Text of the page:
Muslim man shows solidarity with Paris victims
A young Muslim holds placards during a gathering at Le Carillon restaurant, one of the sites of the attacks in Paris Getty

Hundreds of British Muslim groups and mosques have come together to condemn the Paris attacks that killed 129 people on 13 November. The Muslim Council of Britain (MCB) issued an advertisement in the Telegraph on 18 November, in which it "condemned the Paris attacks unreservedly".

The ad is said to have been a joint effort of more than 300 British mosques and Muslim community groups. The advert took up a full page in the national paper and outlined four points that the Muslim community wished to relay in light of the terrorist attacks carried out by Islamic State (IS).

The advert read: "We offer our condolences to the victims and their families. The barbaric acts of Daesh (or Isis, as they are sometimes known) have no sanction in the religion of Islam, which forbids terrorism and the targeting of innocents."

The coalition of Muslim groups also pointed out that Muslims had been holding vigils and donating blood for the victims of the attacks. The advert also said that IS terrorists did not represent them, but rather, their faith was made up of people like Zouheir, the Muslim security guard at Stade de France who "risked his life to stop the attackers" from entering the stadium. The attackers were forced to detonate their explosives outside the stadium instead, drastically reducing the risk to lives.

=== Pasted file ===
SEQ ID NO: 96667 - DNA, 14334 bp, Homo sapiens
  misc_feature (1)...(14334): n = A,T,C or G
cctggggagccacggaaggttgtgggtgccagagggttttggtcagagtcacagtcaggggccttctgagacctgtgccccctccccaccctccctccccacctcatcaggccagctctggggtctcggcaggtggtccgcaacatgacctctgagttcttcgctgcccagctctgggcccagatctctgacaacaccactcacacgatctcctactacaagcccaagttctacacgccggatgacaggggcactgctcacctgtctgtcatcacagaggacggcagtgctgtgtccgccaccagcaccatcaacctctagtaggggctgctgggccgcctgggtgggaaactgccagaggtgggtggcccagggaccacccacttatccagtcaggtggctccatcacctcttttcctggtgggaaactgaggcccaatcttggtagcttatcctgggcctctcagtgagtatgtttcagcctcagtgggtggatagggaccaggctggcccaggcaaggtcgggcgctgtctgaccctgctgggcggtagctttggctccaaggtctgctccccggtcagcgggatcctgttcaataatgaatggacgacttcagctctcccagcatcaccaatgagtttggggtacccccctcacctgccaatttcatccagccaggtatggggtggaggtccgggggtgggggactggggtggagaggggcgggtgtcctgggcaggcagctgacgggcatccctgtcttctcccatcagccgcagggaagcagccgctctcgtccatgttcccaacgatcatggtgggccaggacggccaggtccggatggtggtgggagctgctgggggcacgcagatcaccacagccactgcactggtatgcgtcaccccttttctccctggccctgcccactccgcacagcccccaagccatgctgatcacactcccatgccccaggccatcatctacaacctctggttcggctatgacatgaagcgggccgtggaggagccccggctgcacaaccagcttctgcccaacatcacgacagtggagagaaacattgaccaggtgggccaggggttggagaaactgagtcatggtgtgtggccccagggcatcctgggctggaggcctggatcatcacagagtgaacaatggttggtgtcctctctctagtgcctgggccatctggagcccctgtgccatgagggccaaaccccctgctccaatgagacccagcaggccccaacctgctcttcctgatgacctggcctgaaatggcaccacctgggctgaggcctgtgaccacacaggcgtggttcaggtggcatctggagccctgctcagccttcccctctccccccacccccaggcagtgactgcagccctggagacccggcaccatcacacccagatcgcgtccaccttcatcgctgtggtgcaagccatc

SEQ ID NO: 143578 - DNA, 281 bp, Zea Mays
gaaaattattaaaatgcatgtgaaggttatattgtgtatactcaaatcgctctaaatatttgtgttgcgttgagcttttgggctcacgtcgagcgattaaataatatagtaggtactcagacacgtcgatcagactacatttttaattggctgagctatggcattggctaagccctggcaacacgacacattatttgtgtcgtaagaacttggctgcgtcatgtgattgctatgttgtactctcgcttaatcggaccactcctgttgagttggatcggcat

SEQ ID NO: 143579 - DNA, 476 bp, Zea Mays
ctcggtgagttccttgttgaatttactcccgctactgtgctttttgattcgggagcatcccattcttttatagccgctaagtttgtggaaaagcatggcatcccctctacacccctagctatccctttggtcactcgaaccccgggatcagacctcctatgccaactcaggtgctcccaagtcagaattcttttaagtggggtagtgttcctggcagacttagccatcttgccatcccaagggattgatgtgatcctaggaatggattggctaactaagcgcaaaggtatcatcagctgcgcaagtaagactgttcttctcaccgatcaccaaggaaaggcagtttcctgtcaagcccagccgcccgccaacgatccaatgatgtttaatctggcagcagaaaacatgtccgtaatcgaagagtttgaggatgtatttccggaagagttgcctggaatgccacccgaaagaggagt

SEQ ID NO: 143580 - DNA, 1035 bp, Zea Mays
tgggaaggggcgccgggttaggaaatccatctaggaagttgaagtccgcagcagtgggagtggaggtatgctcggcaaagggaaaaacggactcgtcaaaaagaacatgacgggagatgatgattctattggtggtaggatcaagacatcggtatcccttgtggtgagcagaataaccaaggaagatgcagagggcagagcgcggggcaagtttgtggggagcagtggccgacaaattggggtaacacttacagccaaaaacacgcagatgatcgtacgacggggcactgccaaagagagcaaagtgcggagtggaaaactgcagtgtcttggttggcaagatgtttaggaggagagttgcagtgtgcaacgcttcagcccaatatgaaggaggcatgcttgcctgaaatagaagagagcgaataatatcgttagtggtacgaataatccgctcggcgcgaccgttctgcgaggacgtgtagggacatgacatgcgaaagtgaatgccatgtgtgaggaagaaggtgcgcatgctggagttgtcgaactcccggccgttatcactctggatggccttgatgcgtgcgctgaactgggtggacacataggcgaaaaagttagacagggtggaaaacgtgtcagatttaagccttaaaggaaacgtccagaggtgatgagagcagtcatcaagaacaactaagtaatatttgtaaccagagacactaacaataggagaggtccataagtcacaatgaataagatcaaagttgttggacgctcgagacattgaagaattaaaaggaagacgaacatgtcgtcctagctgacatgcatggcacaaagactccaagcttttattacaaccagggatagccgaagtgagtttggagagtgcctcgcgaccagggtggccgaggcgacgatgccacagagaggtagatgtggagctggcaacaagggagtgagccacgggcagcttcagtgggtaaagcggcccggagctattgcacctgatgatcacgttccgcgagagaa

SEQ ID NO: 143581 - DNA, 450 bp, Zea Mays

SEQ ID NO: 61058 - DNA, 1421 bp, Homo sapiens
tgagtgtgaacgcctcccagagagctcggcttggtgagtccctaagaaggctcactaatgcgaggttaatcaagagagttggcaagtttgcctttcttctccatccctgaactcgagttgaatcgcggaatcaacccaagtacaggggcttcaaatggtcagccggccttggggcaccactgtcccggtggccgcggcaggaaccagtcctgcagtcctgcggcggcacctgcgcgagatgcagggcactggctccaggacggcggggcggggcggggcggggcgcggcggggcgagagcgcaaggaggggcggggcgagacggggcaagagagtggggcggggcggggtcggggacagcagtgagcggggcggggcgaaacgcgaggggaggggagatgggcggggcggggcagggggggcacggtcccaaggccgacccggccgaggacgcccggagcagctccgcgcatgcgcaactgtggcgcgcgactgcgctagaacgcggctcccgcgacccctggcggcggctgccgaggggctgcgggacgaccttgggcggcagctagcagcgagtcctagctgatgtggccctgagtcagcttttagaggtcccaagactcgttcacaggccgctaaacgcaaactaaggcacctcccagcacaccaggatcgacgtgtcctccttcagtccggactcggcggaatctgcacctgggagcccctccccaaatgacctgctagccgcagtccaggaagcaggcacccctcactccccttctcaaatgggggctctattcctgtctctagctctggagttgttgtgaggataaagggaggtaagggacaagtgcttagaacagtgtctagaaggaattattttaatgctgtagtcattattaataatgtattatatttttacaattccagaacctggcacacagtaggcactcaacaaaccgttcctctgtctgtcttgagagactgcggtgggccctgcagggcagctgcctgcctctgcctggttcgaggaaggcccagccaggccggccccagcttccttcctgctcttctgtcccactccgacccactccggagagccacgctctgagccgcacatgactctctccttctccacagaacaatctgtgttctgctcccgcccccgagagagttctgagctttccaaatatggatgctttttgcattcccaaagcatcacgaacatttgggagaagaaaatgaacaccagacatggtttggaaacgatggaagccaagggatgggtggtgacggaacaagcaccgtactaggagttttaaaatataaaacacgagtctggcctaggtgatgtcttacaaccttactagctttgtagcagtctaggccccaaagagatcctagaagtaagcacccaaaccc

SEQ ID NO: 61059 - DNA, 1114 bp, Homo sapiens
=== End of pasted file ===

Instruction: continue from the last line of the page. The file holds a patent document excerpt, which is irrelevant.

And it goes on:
The advert displayed an image of the Eiffel Tower and the headline Terror in Paris. MCB called for people to remain united in the wake of the attacks, reminding people that the aim of the attacks was to "turn communities against each other". "As Muslims, Britons and Europeans, we must stand together to make sure they do not succeed," the advert said.

Dr Shuja Shafi, secretary general of the MCB, said: "The advert aims to highlight how Muslims everywhere have consistently and without reservation spoken out against terror. It is important that our fellow Britons hear this message loud and clearly."

Muslims across the globe have been facing increased criticism in the aftermath of the Paris attacks. On 16 November, three days after the terror attack, the hashtag #NotInMyName began trending on Twitter as Muslims attempted to distance themselves further from IS.